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If you have made a decision to search the market for a forklift for sale then you have already decided on key operational requirements such as capacity, maximum lift capability, IC or electric, counterbalance or boom and other criteria that are specific to your business. The question now is buying new or used and if buying new, how do you evaluate brands?

We think you will find the following information helpful in making your forklift purchasing decision.

New vs. Used

The principal reason businesses buy used forklifts is price. The big downside of buying used is that you don't know exactly how well the previous owner(s) kept the machine maintained. If you buy used we would suggest you have a qualified forklift mechanic inspect the machine before you sign a contract.

Does "used" mean lesser value? Not necessarily. If you only use the forklift occasionally (less than 4 hours per day or a couple of days per week) then used probably represents a better value than new. However, if you plan to use the lift truck 7 or more hours a day, every day, then a new machine will deliver a higher ROI thanks to features with advanced technology and the protection a warranty provides.

Remember, your ultimate goal is to find the lift truck that will give you the lowest overall cost of ownership.

Features and Technology

Recently there has been a wave of technological advances added to forklifts by almost every manufacturer. Many, like operator safety and fuel economy improvements are of value to every kind of truck. Some however, do not apply to every application. While some brands are routinely custom ordered others will sell units off the floor. If you go this route, make certain you are not overbuying technology.

The Dealership

Perhaps the most important consideration when buying a new forklift is the quality and reputation of the dealer. A reputable dealer specializes in pairing your requirements with the appropriate lift truck and a professional sales representative can save you an enormous amount of time and deliver a cost-effective deal.

The sale is the first transaction with the dealer but certainly not the last. You'll want answers regarding:

  • Service capabilities. How many professional service personnel does the dealership have and how available (distance from your site) are they?
  • Parts. How extensive is the parts inventory maintained on site available for pickup or delivery? What is the turnaround time for parts that need to be ordered?
  • Training. Does the dealership offer certified operator training for their products?

All of these considerations apply equally (except for the purchase of equipment) to persons buying used trucks. In fact the dealer may have the best inventory of recently returned leased trucks to choose from. Just because you are buying used does not mean that a local dealer can't be a useful resource.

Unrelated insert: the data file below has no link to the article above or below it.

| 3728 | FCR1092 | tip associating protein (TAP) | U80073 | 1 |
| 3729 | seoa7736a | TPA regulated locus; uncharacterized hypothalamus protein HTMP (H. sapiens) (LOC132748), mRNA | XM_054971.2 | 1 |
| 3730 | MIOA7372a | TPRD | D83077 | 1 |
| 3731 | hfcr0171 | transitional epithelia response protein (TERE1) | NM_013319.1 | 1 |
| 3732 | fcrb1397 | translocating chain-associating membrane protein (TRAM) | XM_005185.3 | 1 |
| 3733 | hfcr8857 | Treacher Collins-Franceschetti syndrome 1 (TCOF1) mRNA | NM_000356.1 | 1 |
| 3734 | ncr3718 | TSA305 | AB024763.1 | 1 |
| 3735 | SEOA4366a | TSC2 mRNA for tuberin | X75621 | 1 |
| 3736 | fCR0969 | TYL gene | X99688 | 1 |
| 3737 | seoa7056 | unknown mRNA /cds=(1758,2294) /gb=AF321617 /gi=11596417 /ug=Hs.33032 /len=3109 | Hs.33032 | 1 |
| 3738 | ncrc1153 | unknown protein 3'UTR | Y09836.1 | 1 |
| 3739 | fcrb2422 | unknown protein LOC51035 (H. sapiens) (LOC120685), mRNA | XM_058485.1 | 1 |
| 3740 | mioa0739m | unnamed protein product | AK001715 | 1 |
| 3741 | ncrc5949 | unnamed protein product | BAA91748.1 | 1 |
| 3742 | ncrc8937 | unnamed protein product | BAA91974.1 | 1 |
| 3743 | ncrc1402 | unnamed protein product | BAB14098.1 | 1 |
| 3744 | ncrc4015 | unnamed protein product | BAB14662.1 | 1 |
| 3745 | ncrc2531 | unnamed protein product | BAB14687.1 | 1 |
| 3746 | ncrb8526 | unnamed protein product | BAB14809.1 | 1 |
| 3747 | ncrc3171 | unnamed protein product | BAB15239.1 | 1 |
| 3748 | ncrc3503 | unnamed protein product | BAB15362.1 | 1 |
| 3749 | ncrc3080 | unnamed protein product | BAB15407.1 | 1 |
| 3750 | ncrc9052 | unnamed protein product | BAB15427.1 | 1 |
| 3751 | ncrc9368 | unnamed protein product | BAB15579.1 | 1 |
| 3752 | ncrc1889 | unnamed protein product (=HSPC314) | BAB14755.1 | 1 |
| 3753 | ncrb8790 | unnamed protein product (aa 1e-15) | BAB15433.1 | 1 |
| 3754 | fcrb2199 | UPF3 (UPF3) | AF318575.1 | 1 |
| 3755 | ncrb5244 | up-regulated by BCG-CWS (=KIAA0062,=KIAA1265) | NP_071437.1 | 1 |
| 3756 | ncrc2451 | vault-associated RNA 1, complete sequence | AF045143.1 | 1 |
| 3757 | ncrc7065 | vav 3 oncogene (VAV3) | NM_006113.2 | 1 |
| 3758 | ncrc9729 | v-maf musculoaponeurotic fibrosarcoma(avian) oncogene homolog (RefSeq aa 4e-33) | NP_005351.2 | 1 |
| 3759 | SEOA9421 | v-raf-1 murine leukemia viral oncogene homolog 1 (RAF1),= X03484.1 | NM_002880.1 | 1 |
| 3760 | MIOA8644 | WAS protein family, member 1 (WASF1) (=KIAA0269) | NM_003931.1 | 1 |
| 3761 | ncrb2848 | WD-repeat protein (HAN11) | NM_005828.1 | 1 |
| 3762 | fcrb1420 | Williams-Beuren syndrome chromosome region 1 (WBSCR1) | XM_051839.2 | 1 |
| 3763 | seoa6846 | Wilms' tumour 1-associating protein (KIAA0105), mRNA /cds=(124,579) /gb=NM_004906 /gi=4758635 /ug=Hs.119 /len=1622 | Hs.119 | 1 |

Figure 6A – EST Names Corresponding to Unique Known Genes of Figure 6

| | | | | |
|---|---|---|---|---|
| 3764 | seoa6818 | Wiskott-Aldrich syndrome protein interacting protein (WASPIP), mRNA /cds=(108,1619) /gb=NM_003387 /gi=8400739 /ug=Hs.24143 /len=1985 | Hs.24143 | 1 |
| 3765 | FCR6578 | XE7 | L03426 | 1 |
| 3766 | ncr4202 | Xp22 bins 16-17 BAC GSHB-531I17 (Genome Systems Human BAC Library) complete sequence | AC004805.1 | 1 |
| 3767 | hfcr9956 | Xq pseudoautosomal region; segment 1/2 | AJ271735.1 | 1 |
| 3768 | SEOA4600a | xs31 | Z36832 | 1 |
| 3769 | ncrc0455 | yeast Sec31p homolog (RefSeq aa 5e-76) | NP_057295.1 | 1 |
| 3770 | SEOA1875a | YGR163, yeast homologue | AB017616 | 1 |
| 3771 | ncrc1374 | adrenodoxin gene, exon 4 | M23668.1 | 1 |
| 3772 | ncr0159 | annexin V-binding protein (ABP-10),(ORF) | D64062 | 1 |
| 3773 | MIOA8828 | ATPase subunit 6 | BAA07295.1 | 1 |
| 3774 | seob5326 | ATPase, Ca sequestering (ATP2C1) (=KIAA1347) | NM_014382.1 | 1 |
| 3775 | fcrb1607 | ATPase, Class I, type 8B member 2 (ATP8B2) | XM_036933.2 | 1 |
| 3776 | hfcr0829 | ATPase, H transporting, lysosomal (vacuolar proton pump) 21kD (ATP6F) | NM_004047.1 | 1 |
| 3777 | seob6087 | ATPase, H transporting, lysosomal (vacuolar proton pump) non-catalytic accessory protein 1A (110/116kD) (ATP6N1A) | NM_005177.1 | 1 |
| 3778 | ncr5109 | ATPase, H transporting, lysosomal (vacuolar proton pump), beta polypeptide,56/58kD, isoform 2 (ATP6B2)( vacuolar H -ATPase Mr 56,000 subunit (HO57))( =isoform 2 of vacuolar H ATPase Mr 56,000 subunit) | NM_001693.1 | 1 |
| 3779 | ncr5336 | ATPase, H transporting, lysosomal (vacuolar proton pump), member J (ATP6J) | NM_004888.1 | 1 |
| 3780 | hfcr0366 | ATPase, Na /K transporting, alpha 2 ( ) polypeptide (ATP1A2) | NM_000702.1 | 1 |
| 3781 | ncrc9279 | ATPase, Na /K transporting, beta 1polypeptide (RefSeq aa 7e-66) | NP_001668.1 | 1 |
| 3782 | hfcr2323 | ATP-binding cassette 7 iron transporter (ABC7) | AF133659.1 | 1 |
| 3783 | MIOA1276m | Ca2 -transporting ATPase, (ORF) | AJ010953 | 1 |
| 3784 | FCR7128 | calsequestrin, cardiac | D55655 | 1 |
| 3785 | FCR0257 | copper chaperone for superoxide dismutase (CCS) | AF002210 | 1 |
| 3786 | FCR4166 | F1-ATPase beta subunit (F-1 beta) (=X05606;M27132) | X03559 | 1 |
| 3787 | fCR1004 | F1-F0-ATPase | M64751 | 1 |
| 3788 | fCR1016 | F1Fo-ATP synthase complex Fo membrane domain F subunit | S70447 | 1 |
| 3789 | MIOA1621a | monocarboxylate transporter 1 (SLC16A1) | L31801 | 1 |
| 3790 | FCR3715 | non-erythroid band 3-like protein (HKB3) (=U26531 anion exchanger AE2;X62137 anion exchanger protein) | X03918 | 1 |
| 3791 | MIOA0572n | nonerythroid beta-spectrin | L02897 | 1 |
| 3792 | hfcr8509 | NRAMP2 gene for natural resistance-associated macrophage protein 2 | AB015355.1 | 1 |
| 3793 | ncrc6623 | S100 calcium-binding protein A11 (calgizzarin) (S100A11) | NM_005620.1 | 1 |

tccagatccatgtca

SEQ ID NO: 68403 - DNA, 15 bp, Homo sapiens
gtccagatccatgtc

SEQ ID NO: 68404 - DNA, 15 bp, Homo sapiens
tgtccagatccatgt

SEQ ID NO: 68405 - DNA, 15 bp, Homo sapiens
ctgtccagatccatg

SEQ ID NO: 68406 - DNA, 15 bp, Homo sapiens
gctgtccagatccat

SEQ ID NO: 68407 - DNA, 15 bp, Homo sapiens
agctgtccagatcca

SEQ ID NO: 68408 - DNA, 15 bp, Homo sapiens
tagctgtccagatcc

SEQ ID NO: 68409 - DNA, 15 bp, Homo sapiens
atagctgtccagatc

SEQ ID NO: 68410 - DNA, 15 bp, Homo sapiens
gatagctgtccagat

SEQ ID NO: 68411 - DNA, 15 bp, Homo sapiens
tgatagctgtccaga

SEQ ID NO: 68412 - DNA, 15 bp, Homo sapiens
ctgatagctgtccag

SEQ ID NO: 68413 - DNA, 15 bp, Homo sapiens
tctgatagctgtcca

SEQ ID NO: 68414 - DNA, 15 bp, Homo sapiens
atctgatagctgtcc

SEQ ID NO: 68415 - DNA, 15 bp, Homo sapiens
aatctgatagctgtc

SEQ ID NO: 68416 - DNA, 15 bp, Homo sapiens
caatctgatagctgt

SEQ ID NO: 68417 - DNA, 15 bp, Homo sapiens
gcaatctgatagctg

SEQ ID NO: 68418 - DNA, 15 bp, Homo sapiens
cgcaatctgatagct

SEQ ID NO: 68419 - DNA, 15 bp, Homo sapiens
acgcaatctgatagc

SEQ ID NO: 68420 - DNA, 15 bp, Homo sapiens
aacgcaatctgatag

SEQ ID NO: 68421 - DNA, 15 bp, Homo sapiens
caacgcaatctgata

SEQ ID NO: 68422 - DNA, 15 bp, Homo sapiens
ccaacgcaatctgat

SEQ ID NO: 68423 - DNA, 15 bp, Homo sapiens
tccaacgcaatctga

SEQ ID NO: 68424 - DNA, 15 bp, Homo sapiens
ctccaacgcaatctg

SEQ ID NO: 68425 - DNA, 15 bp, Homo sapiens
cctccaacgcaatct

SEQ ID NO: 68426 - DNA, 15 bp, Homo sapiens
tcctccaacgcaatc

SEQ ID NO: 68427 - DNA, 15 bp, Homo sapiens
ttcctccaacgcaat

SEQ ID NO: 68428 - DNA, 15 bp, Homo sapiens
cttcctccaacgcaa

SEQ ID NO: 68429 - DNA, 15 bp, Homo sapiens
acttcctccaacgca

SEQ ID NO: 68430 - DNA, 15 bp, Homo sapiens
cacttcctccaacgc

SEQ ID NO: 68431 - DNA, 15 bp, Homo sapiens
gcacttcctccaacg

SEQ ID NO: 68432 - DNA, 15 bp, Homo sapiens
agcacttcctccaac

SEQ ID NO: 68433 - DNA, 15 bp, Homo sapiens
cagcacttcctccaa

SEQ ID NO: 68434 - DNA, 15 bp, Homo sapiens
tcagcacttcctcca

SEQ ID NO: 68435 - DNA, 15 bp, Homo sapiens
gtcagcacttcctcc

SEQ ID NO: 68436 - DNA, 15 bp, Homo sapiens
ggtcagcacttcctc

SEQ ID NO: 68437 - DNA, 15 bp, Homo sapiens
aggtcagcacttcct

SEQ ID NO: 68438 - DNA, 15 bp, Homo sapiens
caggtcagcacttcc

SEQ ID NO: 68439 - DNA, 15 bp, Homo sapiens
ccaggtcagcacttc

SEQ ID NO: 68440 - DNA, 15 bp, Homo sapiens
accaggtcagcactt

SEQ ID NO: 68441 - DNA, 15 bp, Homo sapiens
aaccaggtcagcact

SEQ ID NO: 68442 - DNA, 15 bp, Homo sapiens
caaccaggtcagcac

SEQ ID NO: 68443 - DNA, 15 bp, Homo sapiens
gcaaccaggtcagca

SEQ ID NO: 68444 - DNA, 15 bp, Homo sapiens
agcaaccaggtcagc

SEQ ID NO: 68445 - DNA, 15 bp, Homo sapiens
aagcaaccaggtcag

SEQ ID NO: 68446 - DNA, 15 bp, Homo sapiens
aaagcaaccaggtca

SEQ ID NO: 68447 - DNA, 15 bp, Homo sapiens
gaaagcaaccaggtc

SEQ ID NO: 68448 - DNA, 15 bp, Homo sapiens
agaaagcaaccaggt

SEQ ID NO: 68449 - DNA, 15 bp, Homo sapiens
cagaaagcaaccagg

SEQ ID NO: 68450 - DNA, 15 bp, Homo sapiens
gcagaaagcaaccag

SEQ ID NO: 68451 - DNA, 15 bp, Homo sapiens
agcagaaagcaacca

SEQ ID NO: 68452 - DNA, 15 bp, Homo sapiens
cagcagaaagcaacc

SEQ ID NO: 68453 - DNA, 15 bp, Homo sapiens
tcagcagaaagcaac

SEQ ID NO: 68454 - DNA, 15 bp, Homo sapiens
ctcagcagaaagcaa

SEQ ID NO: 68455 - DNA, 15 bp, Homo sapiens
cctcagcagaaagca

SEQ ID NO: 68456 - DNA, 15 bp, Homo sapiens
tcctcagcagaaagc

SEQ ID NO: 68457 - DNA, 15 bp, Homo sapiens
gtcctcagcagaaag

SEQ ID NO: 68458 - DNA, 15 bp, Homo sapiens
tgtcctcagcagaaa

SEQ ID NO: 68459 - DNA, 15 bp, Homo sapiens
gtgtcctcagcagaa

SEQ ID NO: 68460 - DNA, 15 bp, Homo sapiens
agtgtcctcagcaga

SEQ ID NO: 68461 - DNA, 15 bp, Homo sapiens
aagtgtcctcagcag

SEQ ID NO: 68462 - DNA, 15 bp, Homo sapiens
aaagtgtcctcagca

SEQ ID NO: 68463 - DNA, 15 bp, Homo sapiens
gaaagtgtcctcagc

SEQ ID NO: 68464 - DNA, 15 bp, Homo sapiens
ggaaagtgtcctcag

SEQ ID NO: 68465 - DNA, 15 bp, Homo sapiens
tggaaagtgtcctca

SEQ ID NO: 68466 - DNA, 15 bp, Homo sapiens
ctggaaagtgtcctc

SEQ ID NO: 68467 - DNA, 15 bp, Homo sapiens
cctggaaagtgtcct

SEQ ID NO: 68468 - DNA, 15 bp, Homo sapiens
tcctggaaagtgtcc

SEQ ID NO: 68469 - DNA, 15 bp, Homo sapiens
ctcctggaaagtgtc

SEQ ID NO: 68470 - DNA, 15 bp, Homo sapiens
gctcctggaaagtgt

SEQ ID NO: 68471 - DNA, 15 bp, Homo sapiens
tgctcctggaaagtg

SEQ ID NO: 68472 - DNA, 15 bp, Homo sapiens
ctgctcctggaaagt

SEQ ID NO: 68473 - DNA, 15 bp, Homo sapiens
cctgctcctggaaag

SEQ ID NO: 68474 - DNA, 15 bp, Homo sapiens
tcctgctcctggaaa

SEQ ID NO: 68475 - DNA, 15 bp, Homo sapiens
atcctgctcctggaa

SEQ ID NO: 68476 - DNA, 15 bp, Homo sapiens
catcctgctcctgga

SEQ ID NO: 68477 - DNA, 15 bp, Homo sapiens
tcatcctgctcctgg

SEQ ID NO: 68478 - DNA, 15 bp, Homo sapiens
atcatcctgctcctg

Lease or Buy

All new lift truck dealers will offer financing and leasing options designed to fit your financial requirements. Many used truck brokers will also offer financing and they may be able to beat retail bank rates because of their volume relationship.

Leasing has become increasingly popular. It allows you to have immediate access to the latest forklift technology without tying up lines of credit. Leasing can stretch working capital and lower overhead costs. Lastly, unlike a purchase which will have to be amortized, every dollar spent on a lease is tax deductible.

Service Level Agreement

This is where you can decide the total cost of ownership for your new or used forklift. A smart deal can lock in your maintenance cost over a number of years and, just as importantly, minimize your downtime.

Selecting an SLA provider means more than just comparing hourly labor costs. Here is a quick list of important considerations when selecting a vendor:

  • Technicians are located within 50 miles of your facility.
  • An ample supply of brand name parts.
  • A fixed price for planned maintenance plans (basic, full maintenance, or comprehensive service).
  • Warranty covering parts and labor.
  • Do they have a 24/7 assistance line. This is particularly important for organizations running shift work.

Locking in the price is important but speed and effectiveness of service determines the overall cost of having your truck serviced. Minimizing the time a truck is out of service can do nothing except improve overall productivity.

Ancillary Equipment Required

Will your truck require additional equipment to make it fully operational? Electric forklifts will require a charging station, a battery recharging rack and a power device to swap discharged batteries with fresh. If you have polyurethane press on tires you will need to either purchase a tire press or find a service that has a portable press in order to change tires.

Used trucks that run on LPG or propane often come without the fuel tank. In addition, if you don't have an outside fuel storage facility (for any IC fuel) you'll have to get one.

When you're looking to buy a forklift just remember that the price is just the starting point for the total ownership cost. It's worth the time to do the math to determine what your total budget is for the service life of the truck and then compare that to the offers you receive.

We can help you get started in this process if you visit our Forklift Locator Tool. We will connect you with local dealers or used forklifts for sale to assist you in your search.

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